When the originating linemaker/bookmaker is making up the lineup for all of the other sportsbooks to copy, the idea behind that process is to put up a line that will create equal two-way action on both sides of the game.
However, when that originating bookmaker and his team are trying to do this, it becomes much harder because any given weekend there are 75 games he will have to put up. When you consider that this time of the year the linemakers also have to put up baseball, golf, tennis, WNBA, etc., it becomes nearly impossible to get all those lines correct.
Therefore, what my team does is begin working on Saturday night for the following week’s college football games and lines literally hours after the college slate is complete.
I will have a spread and total on every single game before the bookmaker has the lines up and available to the public. This way, when the lines go up in the sportsbook, we are ready to pounce on it. If we do not anticipate the public (or more importantly) another sharp group will be on the same play, we then will wait until other sportsbooks copy the line.
We can then spread our bets out and get more money down. If we like a public team, such as Ohio State or Michigan, I will bet it as soon as possible because the public will also be betting it and I need to beat them to the line.
It is actually unusual that we would be on too many public teams. Normally I will be against the public teams and waiting until later in the week to get a better line when the tourists start coming in, closer to the weekend or on Saturday.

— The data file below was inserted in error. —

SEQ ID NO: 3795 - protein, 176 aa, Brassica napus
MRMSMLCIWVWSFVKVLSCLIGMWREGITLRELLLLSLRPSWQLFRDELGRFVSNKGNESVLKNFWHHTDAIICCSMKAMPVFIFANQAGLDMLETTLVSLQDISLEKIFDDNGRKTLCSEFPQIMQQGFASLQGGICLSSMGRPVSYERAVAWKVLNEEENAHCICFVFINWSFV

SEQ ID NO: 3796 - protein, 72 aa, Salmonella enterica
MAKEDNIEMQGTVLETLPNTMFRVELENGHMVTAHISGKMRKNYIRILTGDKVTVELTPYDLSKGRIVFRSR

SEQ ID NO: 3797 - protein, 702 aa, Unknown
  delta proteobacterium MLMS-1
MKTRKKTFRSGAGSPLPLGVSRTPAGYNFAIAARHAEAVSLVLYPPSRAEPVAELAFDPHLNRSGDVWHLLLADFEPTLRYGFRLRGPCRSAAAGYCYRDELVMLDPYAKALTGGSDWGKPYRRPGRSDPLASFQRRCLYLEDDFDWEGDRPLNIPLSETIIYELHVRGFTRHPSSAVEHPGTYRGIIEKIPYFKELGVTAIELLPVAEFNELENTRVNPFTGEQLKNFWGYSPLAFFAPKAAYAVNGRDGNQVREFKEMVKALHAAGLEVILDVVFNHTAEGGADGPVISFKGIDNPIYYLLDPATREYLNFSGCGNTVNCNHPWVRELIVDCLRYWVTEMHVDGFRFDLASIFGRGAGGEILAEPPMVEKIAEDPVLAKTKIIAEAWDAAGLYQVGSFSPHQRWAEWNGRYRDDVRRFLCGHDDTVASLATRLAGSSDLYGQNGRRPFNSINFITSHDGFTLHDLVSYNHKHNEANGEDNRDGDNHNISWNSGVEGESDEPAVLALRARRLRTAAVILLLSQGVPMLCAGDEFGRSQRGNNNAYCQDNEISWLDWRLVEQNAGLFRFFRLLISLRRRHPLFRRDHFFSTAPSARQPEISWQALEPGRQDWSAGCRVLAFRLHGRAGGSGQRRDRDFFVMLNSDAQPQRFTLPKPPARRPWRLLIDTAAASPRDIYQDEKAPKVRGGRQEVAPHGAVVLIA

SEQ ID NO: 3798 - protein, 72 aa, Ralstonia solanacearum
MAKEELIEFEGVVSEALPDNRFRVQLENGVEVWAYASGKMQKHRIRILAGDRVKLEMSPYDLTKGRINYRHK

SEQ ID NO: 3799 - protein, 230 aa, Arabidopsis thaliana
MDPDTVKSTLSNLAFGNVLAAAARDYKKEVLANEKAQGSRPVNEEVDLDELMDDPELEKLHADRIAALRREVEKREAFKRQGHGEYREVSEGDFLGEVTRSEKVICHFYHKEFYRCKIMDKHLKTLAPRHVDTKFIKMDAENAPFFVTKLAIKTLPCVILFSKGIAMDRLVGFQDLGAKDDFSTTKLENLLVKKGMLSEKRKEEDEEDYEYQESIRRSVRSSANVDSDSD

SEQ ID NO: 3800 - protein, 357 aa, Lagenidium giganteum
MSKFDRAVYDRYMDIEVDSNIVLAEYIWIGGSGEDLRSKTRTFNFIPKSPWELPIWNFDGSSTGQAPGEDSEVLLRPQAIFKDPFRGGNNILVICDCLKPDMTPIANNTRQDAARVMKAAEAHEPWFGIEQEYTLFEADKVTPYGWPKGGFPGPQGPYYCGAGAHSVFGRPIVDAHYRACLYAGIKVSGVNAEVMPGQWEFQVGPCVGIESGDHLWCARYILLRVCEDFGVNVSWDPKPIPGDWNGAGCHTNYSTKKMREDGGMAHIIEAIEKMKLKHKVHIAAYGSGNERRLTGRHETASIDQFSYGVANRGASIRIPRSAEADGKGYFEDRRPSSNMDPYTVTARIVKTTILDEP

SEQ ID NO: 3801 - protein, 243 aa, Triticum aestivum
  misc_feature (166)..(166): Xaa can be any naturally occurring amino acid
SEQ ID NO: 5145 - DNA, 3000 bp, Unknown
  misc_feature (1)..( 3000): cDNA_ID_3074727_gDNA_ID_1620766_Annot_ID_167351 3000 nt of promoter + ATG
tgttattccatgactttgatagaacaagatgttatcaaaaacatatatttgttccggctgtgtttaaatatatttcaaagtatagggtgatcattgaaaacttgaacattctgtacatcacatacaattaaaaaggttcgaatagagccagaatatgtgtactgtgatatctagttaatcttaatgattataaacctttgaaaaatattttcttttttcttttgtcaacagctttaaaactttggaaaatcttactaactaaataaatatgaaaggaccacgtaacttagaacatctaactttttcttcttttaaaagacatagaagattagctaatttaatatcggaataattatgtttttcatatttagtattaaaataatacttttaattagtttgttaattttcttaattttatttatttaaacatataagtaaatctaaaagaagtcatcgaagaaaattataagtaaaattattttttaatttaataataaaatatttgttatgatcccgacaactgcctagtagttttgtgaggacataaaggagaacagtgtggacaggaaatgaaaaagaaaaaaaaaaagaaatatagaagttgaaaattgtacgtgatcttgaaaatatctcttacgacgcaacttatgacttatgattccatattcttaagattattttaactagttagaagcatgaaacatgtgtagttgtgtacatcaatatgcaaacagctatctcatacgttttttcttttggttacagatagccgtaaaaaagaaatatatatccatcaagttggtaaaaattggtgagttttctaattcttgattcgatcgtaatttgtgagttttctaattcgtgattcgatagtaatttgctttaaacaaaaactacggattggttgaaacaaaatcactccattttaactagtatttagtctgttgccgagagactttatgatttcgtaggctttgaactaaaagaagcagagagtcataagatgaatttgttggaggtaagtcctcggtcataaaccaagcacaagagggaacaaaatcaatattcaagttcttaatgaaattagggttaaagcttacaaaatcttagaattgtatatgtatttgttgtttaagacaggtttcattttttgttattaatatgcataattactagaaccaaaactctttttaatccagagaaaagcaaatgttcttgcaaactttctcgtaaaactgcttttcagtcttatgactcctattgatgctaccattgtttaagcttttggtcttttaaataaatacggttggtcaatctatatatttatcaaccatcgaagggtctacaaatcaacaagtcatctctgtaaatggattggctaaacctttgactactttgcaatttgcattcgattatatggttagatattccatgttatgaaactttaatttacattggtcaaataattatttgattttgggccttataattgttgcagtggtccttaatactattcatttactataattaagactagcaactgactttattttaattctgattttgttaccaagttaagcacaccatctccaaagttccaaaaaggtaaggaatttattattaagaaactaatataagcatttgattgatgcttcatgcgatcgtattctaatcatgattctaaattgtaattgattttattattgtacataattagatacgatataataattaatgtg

For example, in last week’s article I had Tulane +14 and UNLV +9. Using my model, I had Tulane as a +10.5 point underdog and the Rebels as +5.5 underdog. Ultimately, both lines closed significantly lower, and UNLV amazingly closed at +4.
More than just a model, there has to be a human element when looking at some situational games like UNLV. The previous week Howard pulled off the biggest upset in college football betting history when they won outright as a 45-point underdog over UNLV. You have to put yourself in the mindset of a handicapper when you have these situational type games.
The computer model only considers historical data and stats. Can you imagine how it must have felt to be a UNLV player or someone on the coaching staff walking around with your head down all week after being on the wrong side of a history-making game? I just knew these guys were going to be up for the following week’s games because they had something to prove. And prove they did, beating Idaho up on the road, 44-16.
That can also be another advantageous way to handicap games. Looking at the schedules of the teams and finding out a few games where these big favorites may be looking ahead to future opponents because they are double digit favorites and feel the current week’s game is easy.
If you like an underdog, you could also bet a small portion of the wager on the moneyline. I use this as a guide. For every $100 I like to bet on the dog plus the points, I like to bet $10 on the moneyline. A few of these outright winners can add up. Most of the time in college football I will only do this with underdogs.
This week’s best: UAB +3 and Memphis +3.